Annotate this Case
Download PDF
IN THE ARIZONA COURT OF APPEALS DIVISION ONE GLORIA M. LARMER, a single woman, Plaintiff/Appellee, v. ESTATE OF CHAUNCEY L. LARMER, JAMES L. LARMER and YVONNE LARMER, husband and wife, Defendants/Appellants. No. 1 CA-CV 15-0569 FILED 11-8-2016 Appeal from the Superior Court in Yavapai County No. V1300CV201480371 The Honorable Jeffrey G. Paupore, Judge Pro Tempore REVERSED AND REMANDED COUNSEL Linda Wallace, PLLC, Sedona By Linda Bagley Wallace Counsel for Plaintiff/Appellee Gordon & Gordon, PLLC, Cottonwood By Michael J. Gordon Counsel for Defendants/Appellants LARMER v. LARMER Opinion of the Court OPINION Presiding Judge Patricia K. Norris delivered the opinion of the Court, in which Judge Samuel A. Thumma and Judge Margaret H. Downie joined. N O R R I S, Judge: ¶1 Appellants/Defendants, Estate of Chauncey L. Larmer, James L. Larmer, and Yvonne Larmer (collectively, “Defendants”) appeal from partial summary judgment in favor of Appellee/Plaintiff Gloria M. Larmer on her claim to quiet title to certain real property. In entering partial summary judgment, the superior court found the deed conveying the property to James Larmer was invalid because the grantor had failed to duly acknowledge it. Because the grantor had duly acknowledged the deed under the Uniform Recognition of Acknowledgments Act (“URAA”), codified in Arizona Revised Statutes (“A.R.S.”) sections 33-501 to -508 (2014), we reverse the partial summary judgment and remand for further proceedings. FACTS AND PROCEDURAL BACKGROUND ¶2 Chauncey Larmer and his wife Gloria owned real property in Yavapai County as joint tenants with the right of survivorship. In July 2013, Gloria executed a “durable power of attorney” (“POA”) authorizing Chauncey to act as her agent if she became incapacitated as determined by two physicians or by a court. Under the POA, Gloria granted Chauncey broad powers, including the power to convey her real property. On November 6, 2013, Chauncey, on behalf of himself and for Gloria as her agent, conveyed their interest in the property to his son James Larmer in a deed, reserving a life estate for himself and Gloria. ¶3 Chauncey acknowledged his execution of the deed before a notary. The notary did not affix her official seal to the deed, but instead used her embossing seal—also known as a “crimper”— when she notarized the deed. Chauncey died in April 2014. ¶4 After Chauncey’s death, Gloria sued the Defendants, and raised several claims, including a claim to quiet title to the property. As to the quiet title claim, Gloria alleged the deed was invalid because the notary had failed to notarize it with her official seal. See A.R.S. § 41-313 (E)(3) (2013) 2 LARMER v. LARMER Opinion of the Court (notaries must use official seal to authenticate “all official acts on every certificate or acknowledgment signed and sealed by the notary”); A.R.S. § 41-321 (Supp. 2015) (embossing seal is not an official seal and may be used only in conjunction with notary’s official seal).1 Gloria also alleged the deed was invalid because Chauncey executed it without first obtaining a determination of her incapacity. See supra ¶2. ¶5 Gloria moved for partial summary judgment on the quiet title claim. Gloria argued Chauncey had failed to duly acknowledge the deed under A.R.S. § 33-401(B) (2014) (deed or conveyance of real property must be signed by the grantor and “duly acknowledged” before officer authorized to take acknowledgments) because the notary had not used her official seal when she notarized his execution of the deed. ¶6 In response, James argued the deed was valid because Chauncey’s acknowledgment of the deed substantially complied with A.R.S. § 33-401(B)’s acknowledgment requirement. James alternatively argued that even if the deed was invalid, Gloria was not entitled to an order quieting title to the property because Chauncey’s signature alone severed the joint tenancy with Gloria, thus converting Gloria’s and Chauncey’s ownership of the property to a tenancy in common. Accordingly, James argued that when Chauncey died, his interest in the property became property of his estate (“tenancy in common argument”). ¶7 The superior court granted Gloria’s motion for partial summary judgment. The superior court ruled the deed was void because the notary had failed to use her official seal. The superior court also rejected James’s tenancy in common argument. DISCUSSION ¶8 As he did in the superior court, James argues the superior court should not have granted Gloria’s motion for partial summary judgment because Chauncey’s acknowledgment of the deed substantially complied with A.R.S. § 33-401(B)’s acknowledgment requirement. We do not need to decide this issue because, as a matter of law, Chauncey duly acknowledged the deed under Arizona’s version of the URAA. First Am. Title Ins. Co. v. Johnson Bank, 239 Ariz. 348, 350, ¶ 8, 372 P.3d 292, 294 (2016) (appellate court reviews grant of summary judgment de novo and views 1We cite to the current statutes as they were in effect at the time Chauncey executed the deed—the date of the event giving rise to this action. 3 LARMER v. LARMER Opinion of the Court “the facts in the light most favorable to the party against whom judgment was entered”); State v. Boyston, 231 Ariz. 539, 543-42, ¶ 14, 298 P.3d 887, 89192 (2013) (appellate court interprets statutes de novo). ¶9 As discussed, A.R.S. § 33-401(B) requires all conveyances of real property to be “duly acknowledged.” An acknowledgment generally consists of two parts. First, the grantor acknowledges the conveyance before an official authorized to take acknowledgments and, second, the official certifies the grantor’s acknowledgment. See Lewis v. Herrera, 208 U.S. 309, 315, 28 S. Ct. 412, 413, 52 L. Ed. 506 (1908) (acknowledgment by grantor before authorized official is prerequisite to validity of a deed); L.S. Teller, Annotation, Sufficiency of Certificate of Acknowledgment, 25 A.L.R. 2d 1124 (1956) (acknowledgment authenticates conveyance of property and certificate is an authentication of the acknowledgment by an official). ¶10 When a grantor acknowledges a deed before a notary, A.R.S. § 41-313(E)(3) requires the notary to take the acknowledgment and certify it with the notary’s official seal. When, however, as here, a notary fails to use the official seal on the deed, the deed still will meet the “duly acknowledged” requirement of A.R.S. § 33-401(B) if it complies with the URAA’s acknowledgment and certification requirements. ¶11 The Arizona Legislature adopted the URAA in 1971. 1971 Ariz. Sess. Law, Ch. 16, §§ 1-2 (1st Reg. Sess.). The National Conference of Commissioners on Uniform State Laws drafted and approved the URAA to create a uniform form of acknowledgment because of variations among states in taking acknowledgements and certifying those acknowledgments. David K. Detton et al., Execution, Acknowledgment, and Recordation of Documents or Whose Thumbprint is on My Deed?, 32 Rocky Mtn. Min. L. Inst. 20 (1986); A.R.S. § 33-508 (“[URAA] shall be so interpreted as to make uniform the laws of those states which enact it.”); cf. Memorandum from the Study Committee on Revision of the Law on Notarial Acts to the Committee on Scope & Program 1 (June 7, 2007) (one purpose behind uniform laws on notarial acts is to implement “nationwide processes and procedures” to create uniform legal treatment to address confusion regarding the legal effects of notarized documents). The URAA has been adopted by several other states. Fletcher Corporation Forms Annotated § 112:8 (5th ed.) (2016) (although the URAA has been replaced by subsequent uniform notarial acts it remains the law in a number of jurisdictions). ¶12 As relevant here, the URAA expressly states that it “provides an additional method of proving notarial acts[]” and “[n]othing [in the URAA] diminishes or invalidates the recognition accorded to notarial acts 4 LARMER v. LARMER Opinion of the Court by other laws or regulations of this state.” A.R.S. § 33-507. Thus, if a notary takes an acknowledgment and certifies it in accordance with the URAA, the grantor is deemed to have duly acknowledged the deed under A.R.S. § 33401(B). See Apsey v. Mem’l Hosp., 730 N.W.2d 695, 699-704 (Mich. 2007) (outof-state affidavit that complied with URAA was valid even though it did not comply with another state statute on notarization of affidavits; provision in URAA that states it provides an additional method of proving notarial acts showed legislative intent for URAA to provide an alternative method of validating notarial acts); Canon School Dist. No. 50 v. W.E.S. Const. Co., 180 Ariz. 148, 153-54, 882 P.2d 1274, 1279-80 (1994) (because purpose in enacting a uniform act is to achieve conformity, Arizona courts should consider construction given to the uniform act by other courts); 2B Norman Singer & Shambie Singer, Sutherland Statutory Construction § 5:25 (7th ed. 2015) (cross-jurisdictional reference to states that have adopted the same uniform laws is an integral mechanism for creating uniformity). ¶13 Section 33-506 of the URAA adopts several “statutory short forms of acknowledgment.” That section specifies that if these forms are used they will be “sufficient for their respective purposes under any law of this state.” A.R.S. § 33-506 (emphasis added). One of the statutory short forms of acknowledgment adopted in A.R.S. § 33-506 is “[f]or an individual acting in his own right”: State of _______________ County of ____________ The foregoing instrument was acknowledged before me this (Date) by (Name of person acknowledged.) (Signature of person taking acknowledgment) (Title or rank) (Serial number, if any) A.R.S. § 33-506(1); see also A.R.S. § 33-506(4) (adopting statutory short form of acknowledgement “[f]or an individual acting as principal by an attorney in fact”). Here, the deed used the URAA’s statutory short form of acknowledgment for Chauncey as an individual acting in his own right and as an attorney in fact for Gloria. ¶14 Under the URAA, a deed that uses a statutory short form of acknowledgment also will meet the URAA’s certification requirements. The URAA requires a notary to certify that, first, the person acknowledging the instrument appeared before the notary; second, the person acknowledging the instrument acknowledged his execution of the instrument to the notary; 5 LARMER v. LARMER Opinion of the Court and third, the notary either knew or had satisfactory evidence the person acknowledging the instrument was the person described in the instrument. A.R.S. § 33-503(1)-(2). The URAA provides that use of the phrase “acknowledged before me”—which is used in the statutory short forms of acknowledgment—incorporates these certifications. A.R.S. § 33-505(1)-(2), (4). Thus, because the deed used the statutory short form of acknowledgment (which included the phrase “acknowledged before me”) for Chauncey acting as an individual in his own right and as an attorney in fact for Gloria, it also met the URAA’s certification requirements. ¶15 Of significance, the URAA does not require a seal when, as here, an Arizona notary properly takes and certifies an acknowledgment within Arizona. In contrast, the only reference to a notary’s use of an official seal under the URAA concerns notarial acts performed by a person authorized to perform such acts under the laws of a foreign country. A.R.S. § 33-502(B). Thus, the absence of a seal on a deed in which an Arizona notary takes an acknowledgement and certifies it, as done here, is not a fatal defect if the URAA requirements are otherwise satisfied. See Valley Nat. Bank of Ariz. v. Avco Dev. Co., 14 Ariz. App. 56, 60-61, 480 P.2d 671, 675-76 (App. 1971) (discussing predecessor to the URAA, the Uniform Acknowledgment Act, and stating it is permissive and provides an alternative law on acknowledgments); 66 C.J.S. Notaries § 12 (2016) (notarization lacking seal not defective if statute does not require seal); 91 Am. Jur. Proof of Facts 3d 345 § 10 (2006) (deed not properly acknowledged if statute requires notary to use seal). ¶16 Accordingly, because Chauncey duly acknowledged the deed under the URAA, it was not invalid. Therefore, the court should not have granted partial summary judgment in Gloria’s favor on her quiet title claim. As Gloria also challenged the validity of the deed on other grounds that the superior court did not address, see supra ¶ 4, we do not decide, and express no opinion on, whether the deed is valid. We also express no opinion on James’s tenancy in common argument as that argument may become moot depending on the superior court’s resolution of Gloria’s other challenges to the validity of the deed. CONCLUSION ¶17 We reverse the superior court’s grant of partial summary judgment on Gloria’s quiet title claim and remand to the superior court for further proceedings consistent with this opinion. As the successful party on appeal, we award James his taxable costs on appeal, contingent upon his compliance with Arizona Rule of Civil Appellate Procedure (“ARCAP”) 21. 6 LARMER v. LARMER Opinion of the Court James also requested an award of reasonable attorneys’ fees on appeal, but failed to cite any authority for a fee award. Exercising our discretion pursuant to ARCAP 21(a)(2), we deny his request for attorneys’ fees on appeal. AMY M. WOOD • Clerk of the Court FILED: AA 7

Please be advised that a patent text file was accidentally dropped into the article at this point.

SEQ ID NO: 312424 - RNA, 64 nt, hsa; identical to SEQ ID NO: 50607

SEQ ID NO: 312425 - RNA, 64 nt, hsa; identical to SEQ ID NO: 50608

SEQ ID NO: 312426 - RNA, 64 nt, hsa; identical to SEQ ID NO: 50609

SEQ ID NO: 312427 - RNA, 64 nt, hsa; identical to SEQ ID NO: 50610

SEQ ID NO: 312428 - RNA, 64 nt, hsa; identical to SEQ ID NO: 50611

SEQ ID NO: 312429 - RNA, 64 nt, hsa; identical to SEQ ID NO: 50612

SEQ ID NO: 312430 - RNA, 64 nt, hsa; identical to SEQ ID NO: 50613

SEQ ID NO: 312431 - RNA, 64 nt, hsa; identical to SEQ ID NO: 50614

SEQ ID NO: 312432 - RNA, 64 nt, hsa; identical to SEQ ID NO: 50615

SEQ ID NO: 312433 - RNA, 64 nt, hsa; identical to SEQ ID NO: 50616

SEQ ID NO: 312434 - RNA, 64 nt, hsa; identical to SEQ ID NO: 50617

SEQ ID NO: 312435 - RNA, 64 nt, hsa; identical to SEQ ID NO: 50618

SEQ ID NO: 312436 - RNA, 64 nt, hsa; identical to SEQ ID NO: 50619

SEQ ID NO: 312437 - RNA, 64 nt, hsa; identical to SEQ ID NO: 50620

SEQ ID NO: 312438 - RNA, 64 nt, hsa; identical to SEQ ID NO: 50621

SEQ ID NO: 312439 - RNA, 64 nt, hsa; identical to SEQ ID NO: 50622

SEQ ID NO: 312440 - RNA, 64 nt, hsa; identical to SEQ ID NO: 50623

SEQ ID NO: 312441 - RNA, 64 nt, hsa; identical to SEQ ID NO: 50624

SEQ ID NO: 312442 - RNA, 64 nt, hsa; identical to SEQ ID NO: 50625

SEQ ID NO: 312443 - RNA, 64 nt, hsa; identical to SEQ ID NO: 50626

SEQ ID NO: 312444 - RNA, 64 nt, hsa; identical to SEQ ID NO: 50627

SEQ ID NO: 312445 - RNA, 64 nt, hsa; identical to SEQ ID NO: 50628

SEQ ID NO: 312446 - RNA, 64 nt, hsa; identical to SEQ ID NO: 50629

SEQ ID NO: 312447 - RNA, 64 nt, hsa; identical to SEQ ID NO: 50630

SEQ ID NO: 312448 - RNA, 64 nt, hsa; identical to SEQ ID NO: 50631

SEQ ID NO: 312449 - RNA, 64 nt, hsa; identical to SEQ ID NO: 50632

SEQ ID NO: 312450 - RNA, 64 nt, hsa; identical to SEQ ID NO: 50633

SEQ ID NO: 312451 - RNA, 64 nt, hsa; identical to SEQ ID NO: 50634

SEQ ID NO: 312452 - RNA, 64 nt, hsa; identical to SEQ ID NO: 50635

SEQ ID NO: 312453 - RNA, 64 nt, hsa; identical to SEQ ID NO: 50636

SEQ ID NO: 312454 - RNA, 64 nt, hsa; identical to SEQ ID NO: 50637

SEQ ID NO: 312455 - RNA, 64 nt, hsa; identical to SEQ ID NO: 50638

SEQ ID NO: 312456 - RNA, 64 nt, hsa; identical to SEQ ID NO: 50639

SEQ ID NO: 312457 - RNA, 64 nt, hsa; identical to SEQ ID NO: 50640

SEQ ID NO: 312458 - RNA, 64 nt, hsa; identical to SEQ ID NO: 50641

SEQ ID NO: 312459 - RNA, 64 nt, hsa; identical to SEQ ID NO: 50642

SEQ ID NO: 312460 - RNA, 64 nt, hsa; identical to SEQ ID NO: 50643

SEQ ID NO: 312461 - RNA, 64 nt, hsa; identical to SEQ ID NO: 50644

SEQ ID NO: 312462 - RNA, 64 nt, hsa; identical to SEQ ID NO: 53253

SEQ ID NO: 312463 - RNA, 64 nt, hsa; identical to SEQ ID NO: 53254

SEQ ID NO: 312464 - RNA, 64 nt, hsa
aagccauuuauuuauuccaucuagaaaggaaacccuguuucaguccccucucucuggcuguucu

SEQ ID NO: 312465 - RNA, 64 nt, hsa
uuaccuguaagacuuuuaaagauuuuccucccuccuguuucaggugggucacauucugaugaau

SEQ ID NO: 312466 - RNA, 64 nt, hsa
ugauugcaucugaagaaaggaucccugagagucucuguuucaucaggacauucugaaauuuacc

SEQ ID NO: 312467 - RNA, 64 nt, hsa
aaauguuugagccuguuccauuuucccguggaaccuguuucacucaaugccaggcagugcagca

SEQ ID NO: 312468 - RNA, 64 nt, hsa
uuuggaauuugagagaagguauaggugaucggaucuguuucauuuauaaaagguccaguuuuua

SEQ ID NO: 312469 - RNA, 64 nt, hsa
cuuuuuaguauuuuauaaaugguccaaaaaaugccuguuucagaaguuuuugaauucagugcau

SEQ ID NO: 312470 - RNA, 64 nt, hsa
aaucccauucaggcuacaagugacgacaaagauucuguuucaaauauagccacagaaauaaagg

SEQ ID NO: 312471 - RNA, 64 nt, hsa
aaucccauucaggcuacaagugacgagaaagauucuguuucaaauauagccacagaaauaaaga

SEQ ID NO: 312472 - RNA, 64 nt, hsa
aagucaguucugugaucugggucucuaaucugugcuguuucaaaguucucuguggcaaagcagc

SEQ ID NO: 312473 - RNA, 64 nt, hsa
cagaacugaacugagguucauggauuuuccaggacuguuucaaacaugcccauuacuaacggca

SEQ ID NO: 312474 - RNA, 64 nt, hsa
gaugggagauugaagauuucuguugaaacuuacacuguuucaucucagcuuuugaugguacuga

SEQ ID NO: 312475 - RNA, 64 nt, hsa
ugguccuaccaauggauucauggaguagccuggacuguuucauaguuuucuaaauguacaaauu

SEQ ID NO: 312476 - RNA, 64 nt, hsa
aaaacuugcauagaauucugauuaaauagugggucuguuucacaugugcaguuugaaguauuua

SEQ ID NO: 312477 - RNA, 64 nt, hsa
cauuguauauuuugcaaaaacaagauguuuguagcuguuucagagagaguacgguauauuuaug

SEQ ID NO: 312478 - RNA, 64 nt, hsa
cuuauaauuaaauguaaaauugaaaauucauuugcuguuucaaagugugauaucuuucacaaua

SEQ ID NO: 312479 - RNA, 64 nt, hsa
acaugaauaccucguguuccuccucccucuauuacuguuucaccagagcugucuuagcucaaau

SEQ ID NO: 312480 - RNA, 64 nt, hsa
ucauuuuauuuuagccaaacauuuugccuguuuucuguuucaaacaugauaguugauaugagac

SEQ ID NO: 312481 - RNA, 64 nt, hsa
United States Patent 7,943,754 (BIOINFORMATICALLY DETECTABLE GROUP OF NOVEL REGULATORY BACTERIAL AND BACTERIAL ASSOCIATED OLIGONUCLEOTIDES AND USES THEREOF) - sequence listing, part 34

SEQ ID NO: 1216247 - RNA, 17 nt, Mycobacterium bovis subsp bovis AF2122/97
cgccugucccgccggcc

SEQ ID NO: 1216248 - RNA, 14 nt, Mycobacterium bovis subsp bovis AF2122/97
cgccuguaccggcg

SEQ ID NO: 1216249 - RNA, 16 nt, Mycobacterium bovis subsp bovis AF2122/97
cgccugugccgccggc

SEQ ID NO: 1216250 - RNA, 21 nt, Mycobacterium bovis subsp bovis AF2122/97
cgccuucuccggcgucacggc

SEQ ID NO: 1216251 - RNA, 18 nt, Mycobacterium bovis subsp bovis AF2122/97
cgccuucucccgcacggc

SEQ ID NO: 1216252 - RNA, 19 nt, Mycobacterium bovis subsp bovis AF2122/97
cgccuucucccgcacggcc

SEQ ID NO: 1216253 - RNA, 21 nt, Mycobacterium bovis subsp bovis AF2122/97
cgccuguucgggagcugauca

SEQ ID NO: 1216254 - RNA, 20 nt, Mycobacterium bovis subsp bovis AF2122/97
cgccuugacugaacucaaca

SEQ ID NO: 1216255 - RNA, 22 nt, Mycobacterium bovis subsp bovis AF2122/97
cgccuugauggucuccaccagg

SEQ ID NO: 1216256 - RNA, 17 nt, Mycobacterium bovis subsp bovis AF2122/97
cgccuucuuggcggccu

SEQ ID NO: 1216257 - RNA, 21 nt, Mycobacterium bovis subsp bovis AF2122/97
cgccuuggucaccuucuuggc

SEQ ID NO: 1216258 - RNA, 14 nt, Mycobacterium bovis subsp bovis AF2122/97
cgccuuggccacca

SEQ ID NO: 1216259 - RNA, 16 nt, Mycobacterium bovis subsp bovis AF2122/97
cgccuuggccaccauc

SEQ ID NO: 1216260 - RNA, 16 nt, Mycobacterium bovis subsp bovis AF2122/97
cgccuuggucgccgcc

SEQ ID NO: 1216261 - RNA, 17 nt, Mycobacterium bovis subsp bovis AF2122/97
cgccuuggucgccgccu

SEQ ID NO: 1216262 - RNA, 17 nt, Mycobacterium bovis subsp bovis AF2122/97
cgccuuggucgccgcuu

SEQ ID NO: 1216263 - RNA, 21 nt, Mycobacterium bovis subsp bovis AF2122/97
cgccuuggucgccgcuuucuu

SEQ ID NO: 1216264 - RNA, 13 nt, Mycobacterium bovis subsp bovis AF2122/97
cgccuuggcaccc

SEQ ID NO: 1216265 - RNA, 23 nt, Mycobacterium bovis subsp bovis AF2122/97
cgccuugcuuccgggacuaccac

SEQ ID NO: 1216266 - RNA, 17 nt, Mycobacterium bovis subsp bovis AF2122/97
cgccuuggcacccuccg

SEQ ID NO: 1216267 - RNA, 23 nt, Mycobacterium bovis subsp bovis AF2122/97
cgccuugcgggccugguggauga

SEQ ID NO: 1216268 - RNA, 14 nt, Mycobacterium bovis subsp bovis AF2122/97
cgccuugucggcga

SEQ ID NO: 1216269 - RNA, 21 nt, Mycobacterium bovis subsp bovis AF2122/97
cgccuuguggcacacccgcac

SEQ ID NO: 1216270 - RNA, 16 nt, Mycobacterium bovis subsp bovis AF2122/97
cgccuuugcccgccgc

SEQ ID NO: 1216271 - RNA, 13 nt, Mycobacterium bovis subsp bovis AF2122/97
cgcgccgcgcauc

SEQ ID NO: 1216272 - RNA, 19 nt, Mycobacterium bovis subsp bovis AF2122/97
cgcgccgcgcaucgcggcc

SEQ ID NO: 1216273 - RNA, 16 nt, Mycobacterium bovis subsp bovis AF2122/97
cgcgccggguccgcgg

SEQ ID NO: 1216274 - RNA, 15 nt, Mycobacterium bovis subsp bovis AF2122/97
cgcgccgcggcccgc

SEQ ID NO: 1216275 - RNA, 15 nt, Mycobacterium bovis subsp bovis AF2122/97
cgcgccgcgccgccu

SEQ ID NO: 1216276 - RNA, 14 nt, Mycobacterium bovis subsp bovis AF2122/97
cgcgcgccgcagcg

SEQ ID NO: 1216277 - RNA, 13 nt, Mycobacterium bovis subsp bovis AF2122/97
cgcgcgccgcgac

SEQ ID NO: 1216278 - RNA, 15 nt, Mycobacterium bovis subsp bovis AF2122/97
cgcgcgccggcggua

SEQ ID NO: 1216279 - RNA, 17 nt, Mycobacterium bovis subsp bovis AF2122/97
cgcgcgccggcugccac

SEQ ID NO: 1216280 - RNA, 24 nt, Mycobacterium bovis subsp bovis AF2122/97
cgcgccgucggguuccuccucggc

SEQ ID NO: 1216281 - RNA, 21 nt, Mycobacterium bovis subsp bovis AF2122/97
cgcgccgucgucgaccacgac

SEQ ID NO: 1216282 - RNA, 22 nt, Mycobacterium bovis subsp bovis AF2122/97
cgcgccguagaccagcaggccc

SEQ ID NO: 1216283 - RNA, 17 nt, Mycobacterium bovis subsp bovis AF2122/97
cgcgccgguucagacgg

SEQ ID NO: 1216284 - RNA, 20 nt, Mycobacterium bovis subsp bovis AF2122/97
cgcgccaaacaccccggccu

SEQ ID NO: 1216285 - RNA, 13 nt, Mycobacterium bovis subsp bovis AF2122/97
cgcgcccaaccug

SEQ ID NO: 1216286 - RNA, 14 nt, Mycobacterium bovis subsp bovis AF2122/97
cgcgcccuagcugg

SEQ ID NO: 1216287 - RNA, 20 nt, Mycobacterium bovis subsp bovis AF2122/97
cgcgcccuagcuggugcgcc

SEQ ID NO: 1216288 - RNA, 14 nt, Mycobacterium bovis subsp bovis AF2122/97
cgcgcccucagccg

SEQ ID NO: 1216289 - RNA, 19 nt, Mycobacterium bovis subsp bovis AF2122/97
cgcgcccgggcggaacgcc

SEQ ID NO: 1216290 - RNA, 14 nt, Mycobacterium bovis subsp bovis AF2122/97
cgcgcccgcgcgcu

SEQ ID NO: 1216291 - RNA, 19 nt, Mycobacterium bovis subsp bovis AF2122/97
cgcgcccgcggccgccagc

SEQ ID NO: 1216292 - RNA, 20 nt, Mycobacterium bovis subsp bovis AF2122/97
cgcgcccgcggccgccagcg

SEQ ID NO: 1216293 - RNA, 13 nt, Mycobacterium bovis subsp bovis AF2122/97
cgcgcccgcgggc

Some case metadata and case summaries were written with the help of AI, which can produce inaccuracies. You should read the full case before relying on it for legal research purposes.

This site is protected by reCAPTCHA and the Google Privacy Policy and Terms of Service apply.